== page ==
Daily Dispatch 5/29/2019

Scott Warren goes to trial

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InAlienable
Daily Dispatch

May 29, 2019


The Intercept released a video earlier in the month about volunteers that provide support to people crossing the desert in Arizona, leaving water and at times, documenting the location of the remains of immigrants.

One of the volunteers, Scott Warren, has been charged with a felony for offering assistance to people in the desert. From a Guardian report last year:

On 17 January [2018], No More Deaths released a report documenting the systematic destruction by border patrol of water and food supplies left in the desert for migrants. Over a nearly four-year period, 3,856 gallons of water had been destroyed. The report linked to video showing border patrol kicking over gallons and pouring them out onto the ground.

Hours after the report was released, Scott Warren, a volunteer with No More Deaths, was arrested and charged with a felony for harboring migrants after Border Patrol allegedly witnessed him giving food and water to two migrants in the west desert near Cabeza Prieta.

The Intercept has a detailed story about the border and Scott’s case, as well as contextualizing the work of No More Deaths and other volunteer organizations doing work on the border.

The number of people who die crossing the border has increased dramatically since 2000. And it is important to make clear that this is the result of an intentional policy, “prevention through deterrence,” enacted by the Clinton administration in 1994. The program sought to block irregular border crossing through adjacent urban areas on the U.S./Mexico border by constructing barriers and forcing people into the desert. From the Intercept:

Prevention through deterrence was meant to act in conjunction with the North American Free Trade Agreement. NAFTA would bring prosperity to the working Mexican, prevention through deterrence would make the dash across the border too big of a gamble, and illegal crossings would go down. Migration flows did indeed move away from cities once the policy was implemented, but the “hostile terrain” could not disperse the ineluctable forces that drive human beings to move. That’s when the dying began.

Experts can only guess at the true number of lives lost over the last two decades. At a minimum, more than 7,000 people have perished, though the true total is guaranteed to be higher. During the 1990s, the Office of the Pima County Medical Examiner dealt with an average of 12 migrant deaths annually. Over an 18-year period beginning in 2000, once prevention through deterrence was humming along, that number rose to 155 per year. According to the medical examiner’s office, 2,943 sets of human remains have been found in southern Arizona from 2000 to the present; a death toll nearly double Ajo’s summer population.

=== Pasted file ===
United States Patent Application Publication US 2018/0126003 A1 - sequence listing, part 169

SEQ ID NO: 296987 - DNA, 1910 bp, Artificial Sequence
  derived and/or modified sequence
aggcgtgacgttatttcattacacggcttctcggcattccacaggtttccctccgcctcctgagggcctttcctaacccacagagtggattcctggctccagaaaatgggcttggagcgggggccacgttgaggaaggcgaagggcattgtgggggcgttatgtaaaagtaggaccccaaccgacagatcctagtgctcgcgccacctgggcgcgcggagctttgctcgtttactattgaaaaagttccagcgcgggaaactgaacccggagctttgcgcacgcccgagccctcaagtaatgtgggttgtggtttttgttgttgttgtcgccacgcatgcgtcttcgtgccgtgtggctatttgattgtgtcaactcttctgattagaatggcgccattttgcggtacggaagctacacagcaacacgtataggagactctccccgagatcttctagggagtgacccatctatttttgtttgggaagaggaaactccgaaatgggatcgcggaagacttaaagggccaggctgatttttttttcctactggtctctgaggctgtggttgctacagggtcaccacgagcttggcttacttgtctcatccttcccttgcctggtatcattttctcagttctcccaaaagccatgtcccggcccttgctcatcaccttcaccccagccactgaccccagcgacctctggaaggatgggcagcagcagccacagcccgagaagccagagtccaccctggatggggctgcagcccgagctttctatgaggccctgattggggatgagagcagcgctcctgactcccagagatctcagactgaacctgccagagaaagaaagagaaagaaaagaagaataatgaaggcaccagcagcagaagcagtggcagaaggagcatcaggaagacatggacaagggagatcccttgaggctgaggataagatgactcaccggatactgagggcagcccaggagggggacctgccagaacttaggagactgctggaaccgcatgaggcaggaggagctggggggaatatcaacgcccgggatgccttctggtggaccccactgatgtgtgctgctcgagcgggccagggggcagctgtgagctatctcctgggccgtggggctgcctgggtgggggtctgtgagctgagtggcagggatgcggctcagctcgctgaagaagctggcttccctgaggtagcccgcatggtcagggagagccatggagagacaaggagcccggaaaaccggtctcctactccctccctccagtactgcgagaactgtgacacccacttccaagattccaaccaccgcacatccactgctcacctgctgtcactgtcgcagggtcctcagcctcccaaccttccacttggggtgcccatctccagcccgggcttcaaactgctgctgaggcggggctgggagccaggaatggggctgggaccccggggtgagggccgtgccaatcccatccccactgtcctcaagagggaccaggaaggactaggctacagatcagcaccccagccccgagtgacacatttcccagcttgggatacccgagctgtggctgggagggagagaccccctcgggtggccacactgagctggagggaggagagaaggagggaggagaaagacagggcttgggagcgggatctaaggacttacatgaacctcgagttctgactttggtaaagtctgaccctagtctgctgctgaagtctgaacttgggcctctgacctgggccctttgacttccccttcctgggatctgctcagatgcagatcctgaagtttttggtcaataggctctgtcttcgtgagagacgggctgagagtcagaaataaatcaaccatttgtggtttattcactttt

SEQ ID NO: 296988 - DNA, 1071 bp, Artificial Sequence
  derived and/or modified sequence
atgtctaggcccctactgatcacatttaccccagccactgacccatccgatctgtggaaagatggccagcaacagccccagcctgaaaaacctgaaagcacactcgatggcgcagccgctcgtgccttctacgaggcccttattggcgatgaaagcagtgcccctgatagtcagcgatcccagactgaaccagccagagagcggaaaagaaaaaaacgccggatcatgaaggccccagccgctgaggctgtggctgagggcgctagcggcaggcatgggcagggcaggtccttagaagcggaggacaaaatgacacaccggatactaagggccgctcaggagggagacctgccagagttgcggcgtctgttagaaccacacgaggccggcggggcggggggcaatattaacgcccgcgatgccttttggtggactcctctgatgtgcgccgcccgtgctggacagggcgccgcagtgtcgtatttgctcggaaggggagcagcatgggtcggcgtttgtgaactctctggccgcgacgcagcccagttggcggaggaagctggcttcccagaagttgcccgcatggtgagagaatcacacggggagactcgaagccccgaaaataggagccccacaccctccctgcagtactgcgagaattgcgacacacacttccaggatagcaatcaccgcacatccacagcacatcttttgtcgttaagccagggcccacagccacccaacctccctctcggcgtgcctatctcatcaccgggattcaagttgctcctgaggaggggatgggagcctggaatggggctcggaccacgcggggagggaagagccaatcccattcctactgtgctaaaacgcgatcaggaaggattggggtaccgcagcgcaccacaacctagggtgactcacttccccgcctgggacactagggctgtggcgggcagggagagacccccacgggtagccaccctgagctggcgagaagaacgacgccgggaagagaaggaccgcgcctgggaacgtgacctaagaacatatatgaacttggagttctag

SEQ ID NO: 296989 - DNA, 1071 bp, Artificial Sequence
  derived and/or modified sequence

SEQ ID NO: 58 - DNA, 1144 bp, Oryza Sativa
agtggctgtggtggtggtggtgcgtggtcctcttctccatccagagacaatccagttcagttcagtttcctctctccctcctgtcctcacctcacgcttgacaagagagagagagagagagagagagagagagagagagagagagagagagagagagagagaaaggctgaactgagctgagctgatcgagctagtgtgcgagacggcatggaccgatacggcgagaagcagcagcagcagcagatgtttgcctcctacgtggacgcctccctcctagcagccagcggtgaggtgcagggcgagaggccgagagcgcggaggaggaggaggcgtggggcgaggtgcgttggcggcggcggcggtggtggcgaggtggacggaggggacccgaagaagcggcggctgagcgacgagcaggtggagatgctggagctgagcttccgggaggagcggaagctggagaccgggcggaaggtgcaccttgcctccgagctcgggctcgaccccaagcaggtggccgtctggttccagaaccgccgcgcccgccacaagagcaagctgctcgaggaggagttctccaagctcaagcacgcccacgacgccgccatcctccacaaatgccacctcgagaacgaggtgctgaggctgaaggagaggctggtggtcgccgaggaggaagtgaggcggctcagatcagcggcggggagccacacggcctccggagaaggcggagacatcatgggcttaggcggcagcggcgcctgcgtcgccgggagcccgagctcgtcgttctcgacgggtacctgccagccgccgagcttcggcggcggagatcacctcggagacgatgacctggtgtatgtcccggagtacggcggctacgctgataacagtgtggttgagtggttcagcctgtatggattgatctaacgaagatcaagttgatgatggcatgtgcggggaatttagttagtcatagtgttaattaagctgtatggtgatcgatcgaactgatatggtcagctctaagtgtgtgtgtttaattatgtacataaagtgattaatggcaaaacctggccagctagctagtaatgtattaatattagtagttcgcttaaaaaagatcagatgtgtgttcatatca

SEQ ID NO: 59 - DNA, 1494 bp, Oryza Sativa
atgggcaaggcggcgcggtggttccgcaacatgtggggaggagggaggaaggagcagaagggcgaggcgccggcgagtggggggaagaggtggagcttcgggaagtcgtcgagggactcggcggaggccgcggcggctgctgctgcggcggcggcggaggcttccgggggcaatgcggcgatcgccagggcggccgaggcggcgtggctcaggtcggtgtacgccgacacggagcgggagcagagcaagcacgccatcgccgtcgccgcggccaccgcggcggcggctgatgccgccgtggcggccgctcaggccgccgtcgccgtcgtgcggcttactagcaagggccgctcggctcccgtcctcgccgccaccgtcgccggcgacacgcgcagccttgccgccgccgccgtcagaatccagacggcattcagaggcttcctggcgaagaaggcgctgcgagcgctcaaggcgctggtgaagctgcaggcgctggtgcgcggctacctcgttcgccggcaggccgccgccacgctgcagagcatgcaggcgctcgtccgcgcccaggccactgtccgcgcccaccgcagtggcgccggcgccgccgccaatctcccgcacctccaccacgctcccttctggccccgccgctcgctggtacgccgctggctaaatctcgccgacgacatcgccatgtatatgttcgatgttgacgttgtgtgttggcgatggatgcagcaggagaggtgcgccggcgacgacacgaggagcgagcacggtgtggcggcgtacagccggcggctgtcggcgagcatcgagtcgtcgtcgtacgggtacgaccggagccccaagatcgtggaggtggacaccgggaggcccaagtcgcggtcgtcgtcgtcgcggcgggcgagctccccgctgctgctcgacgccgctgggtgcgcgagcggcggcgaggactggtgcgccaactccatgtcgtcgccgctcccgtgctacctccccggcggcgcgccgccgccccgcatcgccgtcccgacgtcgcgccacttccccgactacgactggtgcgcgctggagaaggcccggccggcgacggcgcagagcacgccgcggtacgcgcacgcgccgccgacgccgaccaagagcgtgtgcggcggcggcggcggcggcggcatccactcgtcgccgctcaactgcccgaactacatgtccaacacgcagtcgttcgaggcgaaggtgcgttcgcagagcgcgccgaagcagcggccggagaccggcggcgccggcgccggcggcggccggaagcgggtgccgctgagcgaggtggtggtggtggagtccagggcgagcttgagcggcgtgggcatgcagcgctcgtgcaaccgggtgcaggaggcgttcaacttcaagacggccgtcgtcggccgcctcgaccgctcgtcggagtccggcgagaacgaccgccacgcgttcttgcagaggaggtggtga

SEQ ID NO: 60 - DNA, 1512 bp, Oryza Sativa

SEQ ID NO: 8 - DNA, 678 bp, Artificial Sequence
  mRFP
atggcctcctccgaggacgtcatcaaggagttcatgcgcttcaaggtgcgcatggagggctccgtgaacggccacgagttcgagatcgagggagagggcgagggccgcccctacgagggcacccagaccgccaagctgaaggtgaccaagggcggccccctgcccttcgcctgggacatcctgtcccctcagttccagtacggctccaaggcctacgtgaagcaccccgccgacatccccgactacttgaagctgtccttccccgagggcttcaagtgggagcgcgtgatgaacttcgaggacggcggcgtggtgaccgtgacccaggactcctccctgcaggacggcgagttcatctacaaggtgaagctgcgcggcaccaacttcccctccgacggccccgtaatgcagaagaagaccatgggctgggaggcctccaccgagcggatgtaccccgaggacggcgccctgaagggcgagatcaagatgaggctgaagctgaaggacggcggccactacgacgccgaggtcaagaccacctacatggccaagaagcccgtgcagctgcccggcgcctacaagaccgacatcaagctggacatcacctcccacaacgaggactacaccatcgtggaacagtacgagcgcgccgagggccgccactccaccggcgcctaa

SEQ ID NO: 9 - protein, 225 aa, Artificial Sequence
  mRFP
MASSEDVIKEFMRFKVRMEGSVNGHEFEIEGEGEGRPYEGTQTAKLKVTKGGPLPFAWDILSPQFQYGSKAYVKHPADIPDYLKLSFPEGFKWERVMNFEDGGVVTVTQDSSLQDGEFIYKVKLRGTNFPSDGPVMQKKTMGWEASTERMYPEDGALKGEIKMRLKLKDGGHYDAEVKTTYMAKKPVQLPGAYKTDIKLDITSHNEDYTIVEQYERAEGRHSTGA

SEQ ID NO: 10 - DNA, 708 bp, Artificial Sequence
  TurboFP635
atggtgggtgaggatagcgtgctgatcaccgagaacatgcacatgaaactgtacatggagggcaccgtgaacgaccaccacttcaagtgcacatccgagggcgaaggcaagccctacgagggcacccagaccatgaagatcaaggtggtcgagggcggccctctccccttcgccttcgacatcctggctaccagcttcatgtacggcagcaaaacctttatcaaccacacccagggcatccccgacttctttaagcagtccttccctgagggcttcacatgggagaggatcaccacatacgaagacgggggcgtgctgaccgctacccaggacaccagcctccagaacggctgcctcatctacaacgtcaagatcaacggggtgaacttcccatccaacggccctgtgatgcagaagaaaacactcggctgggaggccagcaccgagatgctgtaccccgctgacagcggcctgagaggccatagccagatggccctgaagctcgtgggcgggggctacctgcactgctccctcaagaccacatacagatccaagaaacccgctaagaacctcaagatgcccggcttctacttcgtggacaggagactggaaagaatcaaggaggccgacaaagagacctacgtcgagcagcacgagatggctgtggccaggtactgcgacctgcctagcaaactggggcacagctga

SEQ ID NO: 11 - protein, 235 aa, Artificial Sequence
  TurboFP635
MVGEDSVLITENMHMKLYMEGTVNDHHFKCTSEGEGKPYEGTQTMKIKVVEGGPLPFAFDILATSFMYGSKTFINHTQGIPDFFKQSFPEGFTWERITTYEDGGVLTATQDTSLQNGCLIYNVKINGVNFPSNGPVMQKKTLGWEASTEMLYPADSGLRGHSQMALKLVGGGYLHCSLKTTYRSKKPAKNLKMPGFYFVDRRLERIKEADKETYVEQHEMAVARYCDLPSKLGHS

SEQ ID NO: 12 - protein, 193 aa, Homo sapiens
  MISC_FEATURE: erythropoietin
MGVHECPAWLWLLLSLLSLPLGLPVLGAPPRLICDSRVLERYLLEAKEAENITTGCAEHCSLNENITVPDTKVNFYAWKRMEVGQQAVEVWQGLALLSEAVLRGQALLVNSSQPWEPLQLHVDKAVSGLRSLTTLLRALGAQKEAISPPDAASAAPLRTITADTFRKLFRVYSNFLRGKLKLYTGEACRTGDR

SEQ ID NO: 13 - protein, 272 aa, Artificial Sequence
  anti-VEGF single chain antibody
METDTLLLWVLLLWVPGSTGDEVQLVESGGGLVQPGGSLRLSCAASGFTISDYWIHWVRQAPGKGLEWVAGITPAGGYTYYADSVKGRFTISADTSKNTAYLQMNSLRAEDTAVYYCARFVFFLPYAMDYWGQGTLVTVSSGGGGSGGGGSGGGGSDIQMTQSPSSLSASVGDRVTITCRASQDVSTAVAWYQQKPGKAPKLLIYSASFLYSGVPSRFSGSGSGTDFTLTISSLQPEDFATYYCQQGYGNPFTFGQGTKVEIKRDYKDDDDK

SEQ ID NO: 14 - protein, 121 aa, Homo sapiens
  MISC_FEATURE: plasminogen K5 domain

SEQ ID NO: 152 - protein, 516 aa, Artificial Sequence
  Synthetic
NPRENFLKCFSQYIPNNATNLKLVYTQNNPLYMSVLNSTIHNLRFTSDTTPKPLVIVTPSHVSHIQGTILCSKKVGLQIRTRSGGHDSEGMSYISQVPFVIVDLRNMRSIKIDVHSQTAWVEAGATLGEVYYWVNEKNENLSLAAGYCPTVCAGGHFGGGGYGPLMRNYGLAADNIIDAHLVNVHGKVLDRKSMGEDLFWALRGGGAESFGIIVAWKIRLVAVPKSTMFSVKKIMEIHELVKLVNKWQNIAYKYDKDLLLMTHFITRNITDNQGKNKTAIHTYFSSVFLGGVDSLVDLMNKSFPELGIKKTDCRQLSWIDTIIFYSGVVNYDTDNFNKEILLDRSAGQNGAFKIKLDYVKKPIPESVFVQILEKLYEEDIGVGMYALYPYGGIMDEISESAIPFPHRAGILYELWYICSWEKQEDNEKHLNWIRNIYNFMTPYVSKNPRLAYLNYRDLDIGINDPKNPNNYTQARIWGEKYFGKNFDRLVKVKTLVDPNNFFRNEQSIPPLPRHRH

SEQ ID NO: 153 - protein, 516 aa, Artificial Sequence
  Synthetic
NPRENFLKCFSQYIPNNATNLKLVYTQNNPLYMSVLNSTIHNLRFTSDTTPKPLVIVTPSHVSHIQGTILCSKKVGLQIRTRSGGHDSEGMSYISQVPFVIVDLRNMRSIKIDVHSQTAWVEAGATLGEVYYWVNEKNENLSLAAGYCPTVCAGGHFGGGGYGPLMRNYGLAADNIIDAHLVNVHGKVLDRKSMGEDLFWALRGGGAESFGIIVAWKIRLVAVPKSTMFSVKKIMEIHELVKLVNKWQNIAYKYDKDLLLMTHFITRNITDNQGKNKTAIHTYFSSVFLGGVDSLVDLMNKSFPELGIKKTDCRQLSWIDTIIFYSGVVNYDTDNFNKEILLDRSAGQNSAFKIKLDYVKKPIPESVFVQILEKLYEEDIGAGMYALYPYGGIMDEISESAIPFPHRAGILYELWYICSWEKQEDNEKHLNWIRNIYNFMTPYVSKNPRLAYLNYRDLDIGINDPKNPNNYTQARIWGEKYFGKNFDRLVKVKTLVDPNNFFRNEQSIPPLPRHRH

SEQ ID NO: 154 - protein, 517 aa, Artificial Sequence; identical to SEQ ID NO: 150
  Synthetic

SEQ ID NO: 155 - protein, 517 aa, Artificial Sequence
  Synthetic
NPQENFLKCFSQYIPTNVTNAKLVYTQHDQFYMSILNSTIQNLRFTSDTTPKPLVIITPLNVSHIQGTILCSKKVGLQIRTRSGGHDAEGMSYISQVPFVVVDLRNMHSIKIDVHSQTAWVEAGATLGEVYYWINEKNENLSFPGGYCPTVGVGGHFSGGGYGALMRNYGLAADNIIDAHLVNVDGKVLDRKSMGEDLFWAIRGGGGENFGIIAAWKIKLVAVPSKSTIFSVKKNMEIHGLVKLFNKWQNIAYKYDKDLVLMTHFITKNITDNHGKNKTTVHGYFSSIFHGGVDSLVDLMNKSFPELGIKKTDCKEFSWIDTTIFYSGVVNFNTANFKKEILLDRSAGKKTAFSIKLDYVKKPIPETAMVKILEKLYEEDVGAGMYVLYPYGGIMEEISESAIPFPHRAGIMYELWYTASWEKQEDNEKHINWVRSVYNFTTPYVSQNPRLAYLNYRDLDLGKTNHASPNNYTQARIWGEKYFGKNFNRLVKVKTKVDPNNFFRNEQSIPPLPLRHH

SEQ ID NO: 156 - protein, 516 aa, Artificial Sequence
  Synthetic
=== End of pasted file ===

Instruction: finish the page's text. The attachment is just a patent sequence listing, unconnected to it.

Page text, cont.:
Scott Warren was one of nine volunteers arrested last year for providing support to people crossing the desert. The actual charges range from entering a national wildlife refuge without a permit and abandonment of property (gallons of water) to operating a vehicle in a protected area; misdemeanor offenses and in Scott’s case, “felony harboring.” The first four to go to trial were found guilty in January of this year. From No More Deaths:

A verdict of guilty was issued by Federal Magistrate Judge Bernardo Velasco today, convicting No More Deaths volunteers on all charges. Natalie Hoffman, Oona Holcomb, Madeline Huse, and Zaachila Orozco were charged with entering a national wildlife refuge without a permit and abandonment of property, and Ms. Hoffman was also charged with including operating a motor vehicle in a wilderness area, all misdemeanor offenses.

They were eventually sentenced to 15 months probation and required to pay a $250 fine.

Scott Warren’s trial begins this week. He wrote an article for No More Deaths yesterday in which he offered a view of what is at stake:

My case in particular may set a dangerous precedent, as the government expands its definitions of “transportation” and “harboring.” The smuggling and harboring laws have always been applied selectively: with aggressive prosecutions of “criminal” networks but leniency for big agriculture and other politically powerful industries that employ scores of undocumented laborers. Now, the law may be applied to not only humanitarian aid workers but also to the millions of mixed-status families in the United States. Take, for instance, a family in which one member is undocumented and another member, who is a citizen, is buying the groceries and paying the rent. Would the government call that harboring? If this family were driving to a picnic in the park, would the government call that illegal transportation? Though this possibility would have seemed far-fetched a few years ago, it has become frighteningly real.

You can keep up to date on Scott’s trial and the work of No More Deaths on their website.

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